of the Iowa River Corridor
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Tall Grass Prairie

Once, the central United States was cloaked with tall grass prairie that extended from the prairie provinces of Canada south to Texas, and from present day Kansas to Kentucky. Thirty million acres of prairie graced the landscape of Iowa, alone.

The retreat of the Wisconsin glaciation, approximately 10,000 years ago, marked the beginning of the Holocene era which produced the climate conditions conducive for the increased population of native peoples across the prairie plains region. This increase in population also marked the beginnings of the evolving tall grass prairie ecosystem.

The tall grass prairie evolved together with the native human population across North America. Indeed, the culture of Native Americans and the ecosystem had a symbiotic relationship: the prairie provided people and animals with a food source, while Native Americans caused the prairie to evolve through their implementation of burns, and harvesting and nurturing of native vegetation.

Within a century of the advent of European settlement the tall grass prairie, which had taken ten millennia to form, was nearly obliterated. Today, only one-tenth of 1 percent of the tall grass prairie remains in small fragments scattered throughout the state.

Accounts from early settlers, General Land Office surveyors, early leading field naturalists, such as Bohumil Shimek, as well observations from the remaining prairie fragments, provide a glimpse into the rich tall grass prairie system that once covered the state of Iowa.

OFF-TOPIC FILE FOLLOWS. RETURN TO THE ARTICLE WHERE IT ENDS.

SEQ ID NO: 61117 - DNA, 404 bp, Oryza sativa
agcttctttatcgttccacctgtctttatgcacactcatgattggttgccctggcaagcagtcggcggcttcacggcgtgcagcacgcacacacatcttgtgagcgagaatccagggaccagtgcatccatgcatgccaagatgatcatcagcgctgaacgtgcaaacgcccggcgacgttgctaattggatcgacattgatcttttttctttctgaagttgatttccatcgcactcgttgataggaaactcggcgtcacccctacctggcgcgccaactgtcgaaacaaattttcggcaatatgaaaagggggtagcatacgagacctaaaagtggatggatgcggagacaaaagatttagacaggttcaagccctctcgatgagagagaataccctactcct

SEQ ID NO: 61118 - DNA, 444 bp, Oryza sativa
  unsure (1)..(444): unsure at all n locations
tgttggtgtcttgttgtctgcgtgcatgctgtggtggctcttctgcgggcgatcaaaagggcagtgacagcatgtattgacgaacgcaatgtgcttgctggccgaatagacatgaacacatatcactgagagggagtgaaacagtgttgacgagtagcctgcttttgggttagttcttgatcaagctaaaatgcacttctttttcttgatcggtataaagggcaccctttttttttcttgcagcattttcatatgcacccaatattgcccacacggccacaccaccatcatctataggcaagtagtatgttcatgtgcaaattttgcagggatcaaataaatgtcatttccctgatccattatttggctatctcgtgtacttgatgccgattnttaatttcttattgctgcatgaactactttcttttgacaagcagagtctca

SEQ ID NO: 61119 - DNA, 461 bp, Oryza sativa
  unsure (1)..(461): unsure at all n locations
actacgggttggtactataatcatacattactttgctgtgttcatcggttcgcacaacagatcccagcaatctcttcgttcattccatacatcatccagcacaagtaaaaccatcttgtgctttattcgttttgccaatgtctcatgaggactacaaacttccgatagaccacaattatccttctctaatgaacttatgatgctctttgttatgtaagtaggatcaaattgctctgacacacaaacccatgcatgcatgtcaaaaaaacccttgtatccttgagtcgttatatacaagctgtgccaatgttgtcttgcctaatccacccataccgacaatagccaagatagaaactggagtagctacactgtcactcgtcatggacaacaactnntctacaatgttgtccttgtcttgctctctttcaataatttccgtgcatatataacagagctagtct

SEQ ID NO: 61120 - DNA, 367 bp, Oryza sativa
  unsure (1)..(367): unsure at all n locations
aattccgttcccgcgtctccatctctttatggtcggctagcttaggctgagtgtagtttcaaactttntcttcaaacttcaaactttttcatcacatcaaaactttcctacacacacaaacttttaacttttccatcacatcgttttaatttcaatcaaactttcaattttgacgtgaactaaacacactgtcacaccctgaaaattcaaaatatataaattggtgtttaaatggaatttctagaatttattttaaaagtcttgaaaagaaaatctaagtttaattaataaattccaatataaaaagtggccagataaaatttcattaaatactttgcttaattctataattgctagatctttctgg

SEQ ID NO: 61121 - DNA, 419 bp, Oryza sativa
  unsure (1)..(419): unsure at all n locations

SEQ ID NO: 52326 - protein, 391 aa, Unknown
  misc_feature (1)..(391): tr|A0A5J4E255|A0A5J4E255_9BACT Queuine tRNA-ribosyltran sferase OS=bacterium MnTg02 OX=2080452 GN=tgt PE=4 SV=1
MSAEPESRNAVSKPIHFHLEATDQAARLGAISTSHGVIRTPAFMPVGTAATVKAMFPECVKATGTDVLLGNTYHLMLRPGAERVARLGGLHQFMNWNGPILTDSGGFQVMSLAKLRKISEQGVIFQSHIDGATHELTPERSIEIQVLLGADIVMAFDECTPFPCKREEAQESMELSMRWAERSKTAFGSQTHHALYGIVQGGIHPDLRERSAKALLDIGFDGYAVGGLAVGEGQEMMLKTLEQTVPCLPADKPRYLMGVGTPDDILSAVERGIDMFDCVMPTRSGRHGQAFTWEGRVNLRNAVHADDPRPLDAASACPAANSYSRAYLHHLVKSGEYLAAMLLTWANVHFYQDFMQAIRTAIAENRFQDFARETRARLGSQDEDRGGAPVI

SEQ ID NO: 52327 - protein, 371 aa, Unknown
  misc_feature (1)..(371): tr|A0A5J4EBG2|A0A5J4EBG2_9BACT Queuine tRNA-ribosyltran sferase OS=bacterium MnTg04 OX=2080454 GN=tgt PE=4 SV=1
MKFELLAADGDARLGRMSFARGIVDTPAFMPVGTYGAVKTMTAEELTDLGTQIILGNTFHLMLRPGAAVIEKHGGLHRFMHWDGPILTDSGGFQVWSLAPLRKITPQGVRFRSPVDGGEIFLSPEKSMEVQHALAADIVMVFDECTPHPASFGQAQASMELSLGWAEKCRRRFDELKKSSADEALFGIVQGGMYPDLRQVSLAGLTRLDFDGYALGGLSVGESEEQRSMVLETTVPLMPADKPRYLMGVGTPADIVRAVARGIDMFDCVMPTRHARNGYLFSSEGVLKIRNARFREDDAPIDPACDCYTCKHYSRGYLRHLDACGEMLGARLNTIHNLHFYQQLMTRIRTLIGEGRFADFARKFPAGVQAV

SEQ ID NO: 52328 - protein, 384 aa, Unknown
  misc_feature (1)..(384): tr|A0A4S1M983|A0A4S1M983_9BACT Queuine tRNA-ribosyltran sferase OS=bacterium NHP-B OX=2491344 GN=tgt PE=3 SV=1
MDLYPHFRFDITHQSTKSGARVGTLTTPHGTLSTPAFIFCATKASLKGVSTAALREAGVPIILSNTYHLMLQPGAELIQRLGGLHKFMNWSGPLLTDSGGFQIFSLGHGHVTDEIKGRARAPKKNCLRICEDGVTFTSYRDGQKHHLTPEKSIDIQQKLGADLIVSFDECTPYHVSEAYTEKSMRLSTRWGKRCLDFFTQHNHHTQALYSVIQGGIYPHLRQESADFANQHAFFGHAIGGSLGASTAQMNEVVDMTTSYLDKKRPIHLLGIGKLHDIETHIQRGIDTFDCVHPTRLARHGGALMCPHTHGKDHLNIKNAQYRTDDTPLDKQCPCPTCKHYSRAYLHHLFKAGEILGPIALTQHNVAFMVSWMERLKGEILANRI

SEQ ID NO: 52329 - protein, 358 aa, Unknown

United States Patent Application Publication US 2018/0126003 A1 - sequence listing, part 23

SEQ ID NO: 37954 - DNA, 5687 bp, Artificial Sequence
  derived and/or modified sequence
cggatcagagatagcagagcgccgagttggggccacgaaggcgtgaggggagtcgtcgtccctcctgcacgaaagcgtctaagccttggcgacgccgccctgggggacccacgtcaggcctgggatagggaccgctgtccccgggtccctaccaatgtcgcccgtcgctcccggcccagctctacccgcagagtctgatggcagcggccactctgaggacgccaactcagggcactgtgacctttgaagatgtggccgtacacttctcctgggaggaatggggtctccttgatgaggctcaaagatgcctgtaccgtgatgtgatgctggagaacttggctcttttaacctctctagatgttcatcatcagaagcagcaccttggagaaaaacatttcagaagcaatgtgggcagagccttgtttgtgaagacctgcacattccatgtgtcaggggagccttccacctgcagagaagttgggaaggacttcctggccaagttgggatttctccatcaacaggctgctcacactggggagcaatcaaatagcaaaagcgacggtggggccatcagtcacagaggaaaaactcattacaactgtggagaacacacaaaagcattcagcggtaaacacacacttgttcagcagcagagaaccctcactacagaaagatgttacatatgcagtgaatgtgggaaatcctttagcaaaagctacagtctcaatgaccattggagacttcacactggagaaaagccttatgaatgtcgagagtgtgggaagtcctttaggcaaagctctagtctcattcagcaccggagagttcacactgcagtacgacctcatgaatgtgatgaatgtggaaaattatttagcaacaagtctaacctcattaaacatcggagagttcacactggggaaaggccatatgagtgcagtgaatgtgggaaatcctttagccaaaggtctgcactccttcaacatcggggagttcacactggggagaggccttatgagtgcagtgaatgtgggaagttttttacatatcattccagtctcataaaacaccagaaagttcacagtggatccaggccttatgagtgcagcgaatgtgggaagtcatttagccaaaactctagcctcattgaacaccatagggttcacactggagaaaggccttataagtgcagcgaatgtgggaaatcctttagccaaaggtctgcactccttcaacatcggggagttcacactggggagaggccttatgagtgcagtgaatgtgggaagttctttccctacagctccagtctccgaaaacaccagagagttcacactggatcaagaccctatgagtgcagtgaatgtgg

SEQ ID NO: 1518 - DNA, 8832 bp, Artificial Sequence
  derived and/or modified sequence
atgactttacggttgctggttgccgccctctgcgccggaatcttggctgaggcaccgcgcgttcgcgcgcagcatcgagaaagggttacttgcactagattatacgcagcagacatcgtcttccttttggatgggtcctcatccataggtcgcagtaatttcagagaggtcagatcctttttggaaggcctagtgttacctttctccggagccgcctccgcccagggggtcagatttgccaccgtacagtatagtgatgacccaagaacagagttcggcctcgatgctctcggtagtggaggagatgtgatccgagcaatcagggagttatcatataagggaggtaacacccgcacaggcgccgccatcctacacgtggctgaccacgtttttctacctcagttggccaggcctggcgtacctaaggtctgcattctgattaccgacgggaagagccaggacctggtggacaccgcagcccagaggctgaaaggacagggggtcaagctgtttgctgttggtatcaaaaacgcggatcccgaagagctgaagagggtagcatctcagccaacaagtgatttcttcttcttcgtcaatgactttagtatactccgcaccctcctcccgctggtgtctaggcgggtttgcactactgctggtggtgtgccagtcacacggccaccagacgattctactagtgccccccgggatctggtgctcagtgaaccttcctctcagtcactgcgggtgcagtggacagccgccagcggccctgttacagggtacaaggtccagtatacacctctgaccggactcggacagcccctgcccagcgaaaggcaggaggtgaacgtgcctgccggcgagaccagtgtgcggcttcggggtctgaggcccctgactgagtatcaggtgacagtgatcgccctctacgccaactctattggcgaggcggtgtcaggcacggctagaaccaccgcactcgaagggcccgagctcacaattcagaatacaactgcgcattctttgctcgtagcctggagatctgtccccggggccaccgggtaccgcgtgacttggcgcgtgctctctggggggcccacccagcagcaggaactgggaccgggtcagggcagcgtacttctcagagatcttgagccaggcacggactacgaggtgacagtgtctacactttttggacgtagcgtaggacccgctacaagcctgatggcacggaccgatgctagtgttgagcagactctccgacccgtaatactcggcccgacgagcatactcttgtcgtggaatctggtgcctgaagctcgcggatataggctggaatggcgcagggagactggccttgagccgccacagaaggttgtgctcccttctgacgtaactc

The Iowa River Valley is now blanketed with towns and farms and yet, for those who know where to look, the rich prairie heritage of this valley is still to be found in scattered places. Many of these isolated prairie fragments are located along roadsides. This self guided tour will allow you to learn about the rich tall grass prairie heritage of the Iowa River Valley.

Each county has prairie fragments worthy of celebration, preservation and enhancement. It is important that both area residents and visitors equate roadsides with the preservation of the rich natural heritage of each county.

Programs such as the Living Roadway Trust Fund and Integrated Roadside Vegetation Management , are incredible resources in the preservation and enhancement of prairie along our state's roadways.

This project was made possible through the generous funding of the Iowa Living Roadway Trust Program and the USDA Natural Resources Conservation Service (equal opportunity employer and provider).

For more information, or to comment on this website, please contact the Iowa Valley RC&D at info@ivrcd.org.


Bunch Flower
photo by C. Taliga

Photo by Carl Kurtz

Praire Fire "Prairie Fire," an 1857 lithograph by Henry Lewis, Collection of the State Historical Society of Iowa.